I had been arguing for many months before the Democratic nomination that it was very risky for the Democrats to nominate Hillary Clinton. In addition to her many other faults, I argued that the email and Foundation scandals would greatly impair the ability of the Democrats to win the presidency, and would also likely also greatly decrease their chances of winning control of the Senate. Clinton apologists both denied the significance of the scandals, and denied that it would have any bearing on the election. For a while it appeared that it didn’t matter. While Clinton would probably be well behind any other Republican, she had been able to lead Trump (and as of now I think she will still pull it off). However, while Clinton doesn’t understand why she isn’t far ahead, her lead is now precariously small. A single gaffe, an unexpectedly decent performance by Trump in the debates, another revelation from Wikileaks, or any number of other items could now shift the election to Trump. Plus the Democrats’ chances of taking control of the Senate have dropped tremendously.
There are multiple reasons for this, but an op-ed by Thomas Patterson in the The Los Angeles Times provides further evidence that I was right with my warnings in largely blaming the email scandal should Clinton lose:
If Hillary Clinton loses the presidential election in November, we will know the reason. The email controversy did her candidacy in. But it needed a helping hand — and the news media readily supplied that.
My analysis of media coverage in the four weeks surrounding both parties’ national conventions found that her use of a private email server while secretary of State and other alleged scandal references accounted for 11% of Clinton’s news coverage in the top five television networks and six major newspapers, including the Los Angeles Times. Excluding neutral reports, 91% of the email-related news reports were negative in tone. Then, there were the references to her character and personal life, which accounted for 4% of the coverage; that was 92% negative.
The author underestimates the importance of the email and other scandals, and gives Clinton far too much credit for her record considering that she has been wrong on virtually every major decision of her career,only to admit she made a mistake years later. Between the email and Foundation scandals, Hillary Clinton has been found to have violated policy with regards to using a home server rather than a government email system, failed to turn over email for archiving which was sent over personal email, destroyed over half the email falsely claiming it was personal, and failed to disclose all donors to the Clinton Foundation as she agreed to prior to her confirmation.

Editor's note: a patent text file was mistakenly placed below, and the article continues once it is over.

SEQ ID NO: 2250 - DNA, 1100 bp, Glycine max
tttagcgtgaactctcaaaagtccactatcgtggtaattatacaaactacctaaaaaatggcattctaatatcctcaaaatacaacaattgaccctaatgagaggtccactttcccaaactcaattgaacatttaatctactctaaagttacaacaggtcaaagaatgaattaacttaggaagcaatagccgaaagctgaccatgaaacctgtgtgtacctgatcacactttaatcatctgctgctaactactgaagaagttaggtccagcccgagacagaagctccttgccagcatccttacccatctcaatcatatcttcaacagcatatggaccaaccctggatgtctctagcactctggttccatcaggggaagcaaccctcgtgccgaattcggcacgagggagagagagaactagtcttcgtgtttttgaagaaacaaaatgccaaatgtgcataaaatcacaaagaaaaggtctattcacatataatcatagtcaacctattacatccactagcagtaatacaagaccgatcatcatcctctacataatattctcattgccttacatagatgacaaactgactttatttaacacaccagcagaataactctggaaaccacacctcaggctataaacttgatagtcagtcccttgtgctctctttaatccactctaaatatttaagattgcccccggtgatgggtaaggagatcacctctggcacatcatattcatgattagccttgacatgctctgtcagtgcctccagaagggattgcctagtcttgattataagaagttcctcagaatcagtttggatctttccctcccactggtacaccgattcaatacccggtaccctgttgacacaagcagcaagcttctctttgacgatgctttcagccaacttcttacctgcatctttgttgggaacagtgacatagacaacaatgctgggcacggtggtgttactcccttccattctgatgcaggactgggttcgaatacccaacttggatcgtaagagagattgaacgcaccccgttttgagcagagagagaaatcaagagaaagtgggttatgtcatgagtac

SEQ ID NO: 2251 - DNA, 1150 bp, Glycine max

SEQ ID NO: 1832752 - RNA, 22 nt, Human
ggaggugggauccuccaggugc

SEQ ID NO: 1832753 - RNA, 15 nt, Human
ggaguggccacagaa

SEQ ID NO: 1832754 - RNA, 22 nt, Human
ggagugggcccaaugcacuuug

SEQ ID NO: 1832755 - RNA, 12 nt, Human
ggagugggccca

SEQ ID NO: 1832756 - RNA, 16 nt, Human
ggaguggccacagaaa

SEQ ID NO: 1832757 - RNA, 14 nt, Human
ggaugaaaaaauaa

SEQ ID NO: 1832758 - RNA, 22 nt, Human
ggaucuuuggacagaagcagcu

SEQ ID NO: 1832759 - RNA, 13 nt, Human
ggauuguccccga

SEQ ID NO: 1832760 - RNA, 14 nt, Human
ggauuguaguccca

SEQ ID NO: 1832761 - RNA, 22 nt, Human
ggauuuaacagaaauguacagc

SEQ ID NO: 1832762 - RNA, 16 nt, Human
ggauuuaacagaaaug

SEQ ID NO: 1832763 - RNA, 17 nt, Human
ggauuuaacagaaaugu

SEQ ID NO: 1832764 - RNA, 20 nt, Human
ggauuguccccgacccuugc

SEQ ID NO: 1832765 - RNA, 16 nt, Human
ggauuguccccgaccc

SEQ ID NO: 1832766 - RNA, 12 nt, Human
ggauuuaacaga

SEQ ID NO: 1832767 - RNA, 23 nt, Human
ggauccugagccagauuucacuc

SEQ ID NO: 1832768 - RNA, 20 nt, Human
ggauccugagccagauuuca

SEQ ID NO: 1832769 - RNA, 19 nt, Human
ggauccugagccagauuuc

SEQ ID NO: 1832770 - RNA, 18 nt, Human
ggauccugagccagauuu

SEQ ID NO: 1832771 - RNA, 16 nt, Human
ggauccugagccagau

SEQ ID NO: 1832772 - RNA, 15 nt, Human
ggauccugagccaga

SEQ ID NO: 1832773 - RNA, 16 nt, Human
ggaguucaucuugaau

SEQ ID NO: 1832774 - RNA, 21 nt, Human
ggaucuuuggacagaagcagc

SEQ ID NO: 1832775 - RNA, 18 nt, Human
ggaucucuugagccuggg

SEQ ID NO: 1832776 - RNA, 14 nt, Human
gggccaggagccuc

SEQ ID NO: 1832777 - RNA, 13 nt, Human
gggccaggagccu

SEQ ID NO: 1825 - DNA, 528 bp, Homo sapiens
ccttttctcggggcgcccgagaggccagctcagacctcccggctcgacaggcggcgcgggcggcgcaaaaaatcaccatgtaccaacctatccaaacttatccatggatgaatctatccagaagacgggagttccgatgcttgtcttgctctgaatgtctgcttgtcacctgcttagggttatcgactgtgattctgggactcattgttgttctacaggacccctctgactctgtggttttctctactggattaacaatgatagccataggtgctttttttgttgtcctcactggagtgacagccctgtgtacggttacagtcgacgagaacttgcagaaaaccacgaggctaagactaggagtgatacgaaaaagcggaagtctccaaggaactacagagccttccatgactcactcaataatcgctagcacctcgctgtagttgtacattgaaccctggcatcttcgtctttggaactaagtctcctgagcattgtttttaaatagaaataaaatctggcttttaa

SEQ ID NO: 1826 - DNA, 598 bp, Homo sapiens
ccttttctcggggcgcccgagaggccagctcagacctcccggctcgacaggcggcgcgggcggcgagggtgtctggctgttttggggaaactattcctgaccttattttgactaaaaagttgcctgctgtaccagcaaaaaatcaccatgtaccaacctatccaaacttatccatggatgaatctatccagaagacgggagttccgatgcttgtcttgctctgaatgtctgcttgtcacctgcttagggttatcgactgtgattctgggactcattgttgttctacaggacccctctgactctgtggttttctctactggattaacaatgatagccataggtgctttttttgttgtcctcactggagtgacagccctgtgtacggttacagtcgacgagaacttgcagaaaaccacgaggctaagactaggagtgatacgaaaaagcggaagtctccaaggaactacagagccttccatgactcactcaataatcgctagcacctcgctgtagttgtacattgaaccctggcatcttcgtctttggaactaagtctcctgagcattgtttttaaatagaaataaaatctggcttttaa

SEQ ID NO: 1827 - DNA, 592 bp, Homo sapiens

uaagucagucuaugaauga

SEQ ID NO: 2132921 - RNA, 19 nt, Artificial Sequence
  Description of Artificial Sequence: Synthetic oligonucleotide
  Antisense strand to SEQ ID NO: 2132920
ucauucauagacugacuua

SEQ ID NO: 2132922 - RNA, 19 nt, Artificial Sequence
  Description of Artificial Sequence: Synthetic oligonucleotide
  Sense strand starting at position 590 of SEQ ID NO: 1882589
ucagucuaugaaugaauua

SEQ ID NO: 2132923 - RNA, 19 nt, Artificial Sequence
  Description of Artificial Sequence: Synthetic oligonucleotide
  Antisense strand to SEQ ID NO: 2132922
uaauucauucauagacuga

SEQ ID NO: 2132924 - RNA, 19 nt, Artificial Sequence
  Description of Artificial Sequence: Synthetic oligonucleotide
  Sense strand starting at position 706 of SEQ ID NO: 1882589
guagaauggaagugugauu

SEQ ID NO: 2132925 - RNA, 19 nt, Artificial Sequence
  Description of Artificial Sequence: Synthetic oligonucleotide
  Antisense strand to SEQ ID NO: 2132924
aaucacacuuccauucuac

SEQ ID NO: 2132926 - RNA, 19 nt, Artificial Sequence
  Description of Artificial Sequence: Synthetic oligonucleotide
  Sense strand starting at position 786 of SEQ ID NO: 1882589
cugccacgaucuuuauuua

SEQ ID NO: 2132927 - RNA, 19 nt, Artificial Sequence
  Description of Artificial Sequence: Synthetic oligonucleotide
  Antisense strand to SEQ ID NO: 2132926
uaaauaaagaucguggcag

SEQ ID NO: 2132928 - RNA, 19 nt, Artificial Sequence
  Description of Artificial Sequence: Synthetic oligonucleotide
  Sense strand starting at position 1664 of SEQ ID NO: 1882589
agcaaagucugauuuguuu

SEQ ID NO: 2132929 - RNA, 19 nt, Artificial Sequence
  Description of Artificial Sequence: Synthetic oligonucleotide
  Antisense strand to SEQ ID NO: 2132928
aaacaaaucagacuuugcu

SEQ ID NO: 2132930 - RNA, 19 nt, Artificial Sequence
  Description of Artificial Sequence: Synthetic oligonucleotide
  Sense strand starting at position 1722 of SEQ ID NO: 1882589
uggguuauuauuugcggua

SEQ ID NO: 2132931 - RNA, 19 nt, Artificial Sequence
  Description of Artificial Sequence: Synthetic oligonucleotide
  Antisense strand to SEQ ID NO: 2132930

The State Department Inspector General report showed that Clinton not only violated the rules in effect, but that she failed to cooperate with the investigation and tried to cover up her actions. FBI Director James Comey further showed how she acted irresponsibly, and how many of the statements she has made in public and Congressional testimony over the past year have been false. Clinton unethically made rulings on multiple occasions regarding parties which contributed to the Foundation and/or made unprecedented payments for speeches to Bill Clinton. I’ve previously discussed the Clinton Foundation scandals in greater detail, including here and here. I’ve recently noted how both fact checkers and ethicists viewed the scandals and Clinton’s violations of the ethics agreements which she entered into before becoming Secretary of State, while Common Cause called for an independent audit of the Clinton Foundation well before her nomination.
There was good reason for the media to cover this story. Clinton predictably made it worse for herself as she tried to coverup information, resulting in facts slowly coming out from news cycle to news cycle. She further made matters worse by lying about the matter, and then repeating the same lies when confronted by the fact checkers. This is what caused the story to remain dominant in the news. Plus, regardless of whether it is a good thing, we knew before Clinton was nominated that the media prefers to cover scandals as opposed to complicated matters of policy. As Patterson also wrote:
In today’s hypercompetitive media environment, journalists find it difficult to resist controversies. Political scientist W. Lance Bennett explored this phenomenon around Trump’s 2011 allegation that President Obama was not a native-born American. Trump’s “birther” statements were seized upon by cable outlets and stayed in the headlines and on newscasts for days. Veteran CNN correspondent Candy Crowley even interviewed Trump, who was then not a political figure at all. She justified it by saying on air: “There comes a point where you can’t ignore something, not because it’s entertaining …. The question was, ‘Is he driving the conversation?’ And he was.” In truth, the news media were driving the conversation, as they have with Clinton’s emails.
Nominating Hillary Clinton with all her baggage would be like the Republicans nominating Richard Nixon after knowing about his role in Watergate. It was a remarkably foolish thing to do, and the Democrats now risk paying the price. In contrast, Bernie Sanders polled far better than Clinton did against Donald Trump and other potential Republican candidates. He very likely would also have won the Democratic nomination if not for a system heavily tilted towards helping Clinton and stopping insurgent candidates. Plus if Sanders were the nominee, there would be no scandals to dominate the campaign, and we would definitely be talking about issues.